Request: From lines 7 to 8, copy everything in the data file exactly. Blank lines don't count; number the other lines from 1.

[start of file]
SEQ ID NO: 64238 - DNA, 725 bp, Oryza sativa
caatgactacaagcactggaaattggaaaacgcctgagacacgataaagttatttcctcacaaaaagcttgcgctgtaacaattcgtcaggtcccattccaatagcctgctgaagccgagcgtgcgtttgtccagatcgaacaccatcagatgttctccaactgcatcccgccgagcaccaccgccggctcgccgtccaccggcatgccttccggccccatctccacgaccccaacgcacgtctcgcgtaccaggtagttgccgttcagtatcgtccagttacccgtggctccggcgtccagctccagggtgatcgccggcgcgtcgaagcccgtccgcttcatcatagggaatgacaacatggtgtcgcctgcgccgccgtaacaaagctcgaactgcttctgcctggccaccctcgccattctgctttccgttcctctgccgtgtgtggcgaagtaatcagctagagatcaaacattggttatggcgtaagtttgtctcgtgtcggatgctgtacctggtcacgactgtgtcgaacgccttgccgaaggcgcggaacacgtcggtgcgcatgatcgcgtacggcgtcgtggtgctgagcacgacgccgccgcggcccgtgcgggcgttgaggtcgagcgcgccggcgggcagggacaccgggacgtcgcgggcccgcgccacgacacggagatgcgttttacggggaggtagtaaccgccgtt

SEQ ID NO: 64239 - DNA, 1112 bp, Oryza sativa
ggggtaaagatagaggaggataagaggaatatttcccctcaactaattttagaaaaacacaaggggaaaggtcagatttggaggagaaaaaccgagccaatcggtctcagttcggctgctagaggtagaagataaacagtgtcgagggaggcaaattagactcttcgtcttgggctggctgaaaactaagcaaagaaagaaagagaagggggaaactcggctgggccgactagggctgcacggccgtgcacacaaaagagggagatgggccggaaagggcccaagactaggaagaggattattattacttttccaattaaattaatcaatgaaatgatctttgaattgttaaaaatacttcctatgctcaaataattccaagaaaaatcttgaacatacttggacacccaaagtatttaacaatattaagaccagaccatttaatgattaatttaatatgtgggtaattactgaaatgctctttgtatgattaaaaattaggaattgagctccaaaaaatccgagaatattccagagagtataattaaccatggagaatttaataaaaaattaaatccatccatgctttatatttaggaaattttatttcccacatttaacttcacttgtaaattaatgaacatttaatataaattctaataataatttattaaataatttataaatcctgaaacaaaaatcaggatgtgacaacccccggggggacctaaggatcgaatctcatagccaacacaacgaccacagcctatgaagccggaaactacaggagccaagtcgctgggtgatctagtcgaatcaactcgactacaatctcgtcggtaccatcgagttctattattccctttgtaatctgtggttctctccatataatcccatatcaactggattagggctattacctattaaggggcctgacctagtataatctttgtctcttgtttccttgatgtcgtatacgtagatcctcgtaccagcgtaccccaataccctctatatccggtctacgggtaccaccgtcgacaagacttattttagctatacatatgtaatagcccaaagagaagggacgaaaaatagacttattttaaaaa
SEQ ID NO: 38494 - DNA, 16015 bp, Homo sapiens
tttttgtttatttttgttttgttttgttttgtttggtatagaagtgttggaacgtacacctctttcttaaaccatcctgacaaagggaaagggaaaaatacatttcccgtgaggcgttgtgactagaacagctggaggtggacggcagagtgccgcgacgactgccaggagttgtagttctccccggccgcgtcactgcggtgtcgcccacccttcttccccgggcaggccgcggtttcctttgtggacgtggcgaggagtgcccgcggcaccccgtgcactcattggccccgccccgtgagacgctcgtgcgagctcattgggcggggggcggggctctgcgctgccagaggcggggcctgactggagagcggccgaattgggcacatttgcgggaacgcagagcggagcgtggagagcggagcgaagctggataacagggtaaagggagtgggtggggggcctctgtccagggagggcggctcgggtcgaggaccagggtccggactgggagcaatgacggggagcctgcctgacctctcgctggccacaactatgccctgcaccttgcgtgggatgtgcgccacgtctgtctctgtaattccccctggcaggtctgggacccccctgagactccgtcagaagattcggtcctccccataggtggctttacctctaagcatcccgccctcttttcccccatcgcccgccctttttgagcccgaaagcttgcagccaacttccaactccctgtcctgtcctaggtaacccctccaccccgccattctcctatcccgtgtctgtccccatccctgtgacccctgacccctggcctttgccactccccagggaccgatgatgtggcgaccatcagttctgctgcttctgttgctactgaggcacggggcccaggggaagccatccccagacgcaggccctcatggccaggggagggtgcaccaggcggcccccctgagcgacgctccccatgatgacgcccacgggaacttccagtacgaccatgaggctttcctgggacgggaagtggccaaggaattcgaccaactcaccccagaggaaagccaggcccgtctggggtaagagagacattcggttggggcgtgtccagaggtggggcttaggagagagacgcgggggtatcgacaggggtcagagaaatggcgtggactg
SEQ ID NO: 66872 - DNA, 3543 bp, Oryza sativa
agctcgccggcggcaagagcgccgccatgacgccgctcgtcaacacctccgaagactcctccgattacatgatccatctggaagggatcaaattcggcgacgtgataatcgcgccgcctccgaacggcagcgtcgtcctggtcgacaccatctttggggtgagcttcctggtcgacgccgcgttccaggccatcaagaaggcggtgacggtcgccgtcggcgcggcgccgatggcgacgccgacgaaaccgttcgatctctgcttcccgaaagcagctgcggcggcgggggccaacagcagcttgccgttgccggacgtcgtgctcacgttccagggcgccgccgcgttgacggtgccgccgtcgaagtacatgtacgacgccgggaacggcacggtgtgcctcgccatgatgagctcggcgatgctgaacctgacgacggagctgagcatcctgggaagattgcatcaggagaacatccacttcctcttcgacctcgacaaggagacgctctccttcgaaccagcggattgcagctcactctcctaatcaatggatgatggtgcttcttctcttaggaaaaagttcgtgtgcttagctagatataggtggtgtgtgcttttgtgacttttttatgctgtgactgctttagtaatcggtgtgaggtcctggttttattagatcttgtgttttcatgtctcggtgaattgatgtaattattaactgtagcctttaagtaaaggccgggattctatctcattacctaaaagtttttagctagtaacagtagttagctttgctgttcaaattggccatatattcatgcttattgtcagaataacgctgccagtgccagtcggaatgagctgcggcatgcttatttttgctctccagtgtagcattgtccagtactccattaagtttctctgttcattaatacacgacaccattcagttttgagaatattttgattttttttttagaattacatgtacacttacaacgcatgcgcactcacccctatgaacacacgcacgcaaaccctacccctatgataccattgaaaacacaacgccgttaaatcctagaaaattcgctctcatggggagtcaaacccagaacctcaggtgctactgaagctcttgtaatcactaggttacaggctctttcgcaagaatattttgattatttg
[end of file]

SEQ ID NO: 66872 - DNA, 3543 bp, Oryza sativa
agctcgccggcggcaagagcgccgccatgacgccgctcgtcaacacctccgaagactcctccgattacatgatccatctggaagggatcaaattcggcgacgtgataatcgcgccgcctccgaacggcagcgtcgtcctggtcgacaccatctttggggtgagcttcctggtcgacgccgcgttccaggccatcaagaaggcggtgacggtcgccgtcggcgcggcgccgatggcgacgccgacgaaaccgttcgatctctgcttcccgaaagcagctgcggcggcgggggccaacagcagcttgccgttgccggacgtcgtgctcacgttccagggcgccgccgcgttgacggtgccgccgtcgaagtacatgtacgacgccgggaacggcacggtgtgcctcgccatgatgagctcggcgatgctgaacctgacgacggagctgagcatcctgggaagattgcatcaggagaacatccacttcctcttcgacctcgacaaggagacgctctccttcgaaccagcggattgcagctcactctcctaatcaatggatgatggtgcttcttctcttaggaaaaagttcgtgtgcttagctagatataggtggtgtgtgcttttgtgacttttttatgctgtgactgctttagtaatcggtgtgaggtcctggttttattagatcttgtgttttcatgtctcggtgaattgatgtaattattaactgtagcctttaagtaaaggccgggattctatctcattacctaaaagtttttagctagtaacagtagttagctttgctgttcaaattggccatatattcatgcttattgtcagaataacgctgccagtgccagtcggaatgagctgcggcatgcttatttttgctctccagtgtagcattgtccagtactccattaagtttctctgttcattaatacacgacaccattcagttttgagaatattttgattttttttttagaattacatgtacacttacaacgcatgcgcactcacccctatgaacacacgcacgcaaaccctacccctatgataccattgaaaacacaacgccgttaaatcctagaaaattcgctctcatggggagtcaaacccagaacctcaggtgctactgaagctcttgtaatcactaggttacaggctctttcgcaagaatattttgattatttg